The taxi pulled to a complete stop and one of the rear doors burst open. Startled from her work, suddenly frightened, she had attempted to slide across the seat, away from the open door, only to find the other door flung open so fast that she nearly backed herself right out onto the road. The two men slipped into the back, pinning her neatly between them. The doors were closed and the taxi roared away from the kerb. A strong hand clamped over her mouth and her freedom ceased to exist.
She knew she’d been kidnapped, that much was obvious, but her fears of torture, rape and mutilation had so far proven unfounded. In fact, the guards outside her locked door were always polite and courteous in their dealings with her; bringing her delicious food, with even a choice of fine wine every evening, and ensuring a daily change of linen and towels.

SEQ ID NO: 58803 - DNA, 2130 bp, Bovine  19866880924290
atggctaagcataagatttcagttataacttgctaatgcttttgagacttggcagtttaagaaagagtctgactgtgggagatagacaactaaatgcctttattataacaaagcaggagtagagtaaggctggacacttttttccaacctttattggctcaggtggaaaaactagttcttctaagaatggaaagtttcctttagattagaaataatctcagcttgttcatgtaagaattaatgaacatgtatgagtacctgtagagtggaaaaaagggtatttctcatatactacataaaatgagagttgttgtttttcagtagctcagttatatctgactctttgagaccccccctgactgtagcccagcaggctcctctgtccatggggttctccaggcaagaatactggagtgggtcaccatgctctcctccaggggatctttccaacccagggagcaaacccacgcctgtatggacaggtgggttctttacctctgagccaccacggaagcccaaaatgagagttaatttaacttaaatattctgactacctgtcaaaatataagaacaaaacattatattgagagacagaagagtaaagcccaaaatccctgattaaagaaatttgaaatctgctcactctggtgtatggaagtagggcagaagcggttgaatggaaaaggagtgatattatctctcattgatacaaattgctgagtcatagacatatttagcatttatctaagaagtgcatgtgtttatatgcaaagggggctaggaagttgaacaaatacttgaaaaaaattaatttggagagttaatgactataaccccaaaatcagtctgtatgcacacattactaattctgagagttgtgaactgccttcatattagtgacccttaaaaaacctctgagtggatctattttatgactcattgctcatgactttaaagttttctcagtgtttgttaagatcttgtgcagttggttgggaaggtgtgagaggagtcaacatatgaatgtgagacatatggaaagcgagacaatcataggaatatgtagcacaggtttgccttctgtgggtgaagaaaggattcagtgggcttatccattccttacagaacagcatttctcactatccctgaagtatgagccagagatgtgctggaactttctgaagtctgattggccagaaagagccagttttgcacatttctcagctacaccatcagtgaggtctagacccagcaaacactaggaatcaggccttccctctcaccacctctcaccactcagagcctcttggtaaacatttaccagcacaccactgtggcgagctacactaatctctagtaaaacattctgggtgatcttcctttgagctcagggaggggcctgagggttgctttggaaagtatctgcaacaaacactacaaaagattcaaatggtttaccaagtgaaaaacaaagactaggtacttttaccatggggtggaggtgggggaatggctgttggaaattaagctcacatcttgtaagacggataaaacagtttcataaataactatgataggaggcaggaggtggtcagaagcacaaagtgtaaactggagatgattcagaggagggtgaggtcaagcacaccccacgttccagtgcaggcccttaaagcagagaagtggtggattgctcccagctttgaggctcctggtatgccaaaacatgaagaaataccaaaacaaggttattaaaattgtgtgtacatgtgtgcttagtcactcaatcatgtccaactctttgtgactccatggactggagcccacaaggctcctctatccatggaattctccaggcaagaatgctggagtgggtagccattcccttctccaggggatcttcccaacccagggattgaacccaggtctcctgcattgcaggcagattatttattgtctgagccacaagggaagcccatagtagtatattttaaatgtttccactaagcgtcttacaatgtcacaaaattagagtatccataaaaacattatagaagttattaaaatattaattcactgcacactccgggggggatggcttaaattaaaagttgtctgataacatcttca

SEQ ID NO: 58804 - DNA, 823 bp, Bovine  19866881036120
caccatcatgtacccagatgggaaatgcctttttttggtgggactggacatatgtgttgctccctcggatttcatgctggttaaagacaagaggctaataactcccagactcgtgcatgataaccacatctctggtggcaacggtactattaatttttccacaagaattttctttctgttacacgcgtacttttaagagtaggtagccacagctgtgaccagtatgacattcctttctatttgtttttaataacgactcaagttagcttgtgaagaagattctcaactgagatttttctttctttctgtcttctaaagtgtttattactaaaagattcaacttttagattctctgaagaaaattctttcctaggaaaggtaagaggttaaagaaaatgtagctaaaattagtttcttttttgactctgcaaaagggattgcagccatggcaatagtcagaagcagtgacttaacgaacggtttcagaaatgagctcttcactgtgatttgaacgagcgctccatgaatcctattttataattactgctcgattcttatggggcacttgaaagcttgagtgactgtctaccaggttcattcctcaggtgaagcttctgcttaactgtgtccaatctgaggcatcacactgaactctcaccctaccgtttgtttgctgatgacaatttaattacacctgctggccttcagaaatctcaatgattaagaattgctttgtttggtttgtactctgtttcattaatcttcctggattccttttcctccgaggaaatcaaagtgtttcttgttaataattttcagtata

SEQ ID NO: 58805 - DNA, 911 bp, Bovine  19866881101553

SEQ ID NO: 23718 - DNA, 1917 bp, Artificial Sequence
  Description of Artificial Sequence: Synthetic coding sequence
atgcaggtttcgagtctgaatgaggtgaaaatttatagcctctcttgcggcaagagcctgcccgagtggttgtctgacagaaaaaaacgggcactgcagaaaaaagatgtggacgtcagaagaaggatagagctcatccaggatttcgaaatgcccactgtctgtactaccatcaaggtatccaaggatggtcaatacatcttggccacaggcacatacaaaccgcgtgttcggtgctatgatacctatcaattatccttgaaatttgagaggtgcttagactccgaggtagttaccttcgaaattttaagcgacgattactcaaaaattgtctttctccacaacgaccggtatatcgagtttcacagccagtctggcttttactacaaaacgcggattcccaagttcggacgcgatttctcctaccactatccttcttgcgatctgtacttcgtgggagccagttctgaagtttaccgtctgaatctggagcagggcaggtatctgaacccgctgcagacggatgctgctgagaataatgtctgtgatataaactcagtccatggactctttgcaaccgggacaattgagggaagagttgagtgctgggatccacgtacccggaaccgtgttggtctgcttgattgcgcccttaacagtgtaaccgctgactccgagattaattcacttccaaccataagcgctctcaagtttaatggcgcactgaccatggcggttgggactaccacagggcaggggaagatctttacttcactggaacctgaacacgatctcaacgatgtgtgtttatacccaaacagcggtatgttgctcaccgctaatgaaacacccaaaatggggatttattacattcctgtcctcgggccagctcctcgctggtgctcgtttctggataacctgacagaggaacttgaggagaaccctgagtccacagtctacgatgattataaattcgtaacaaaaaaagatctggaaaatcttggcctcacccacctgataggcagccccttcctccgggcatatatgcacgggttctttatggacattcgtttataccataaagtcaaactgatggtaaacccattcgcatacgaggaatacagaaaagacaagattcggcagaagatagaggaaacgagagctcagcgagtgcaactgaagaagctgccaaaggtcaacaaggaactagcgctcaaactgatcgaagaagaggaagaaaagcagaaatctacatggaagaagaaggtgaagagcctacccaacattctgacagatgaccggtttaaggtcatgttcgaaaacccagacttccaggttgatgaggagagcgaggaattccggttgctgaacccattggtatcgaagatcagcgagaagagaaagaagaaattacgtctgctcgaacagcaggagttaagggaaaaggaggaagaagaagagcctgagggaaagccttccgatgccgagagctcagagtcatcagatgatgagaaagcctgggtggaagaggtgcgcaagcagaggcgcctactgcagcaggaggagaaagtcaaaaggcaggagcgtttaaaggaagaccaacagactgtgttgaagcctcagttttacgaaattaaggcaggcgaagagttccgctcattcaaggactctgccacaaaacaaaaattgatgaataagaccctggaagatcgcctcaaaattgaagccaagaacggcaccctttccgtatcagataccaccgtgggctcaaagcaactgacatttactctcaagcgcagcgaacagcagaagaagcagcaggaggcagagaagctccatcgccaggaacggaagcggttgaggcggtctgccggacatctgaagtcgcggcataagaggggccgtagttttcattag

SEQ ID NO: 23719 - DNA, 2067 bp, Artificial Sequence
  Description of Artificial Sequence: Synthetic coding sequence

Sarah couldn’t fathom it. It made no sense to treat her so well, unless of course her captors expected to fetch a higher ransom from her father when they delivered her unscathed. But that was only guesswork. At any moment it might all change into a world of pain and degradation, so she forced herself to keep up her mental guard. There was no television in her room but a huge bookcase filled to overflowing with a wide range of literature.
She also whiled away the hours practising yoga; something she’d done for a decade or more. It stretched her body, keeping it trim and supple, while the spiritual relaxation of the accompanying meditation often soothed the savage beast of a bad day.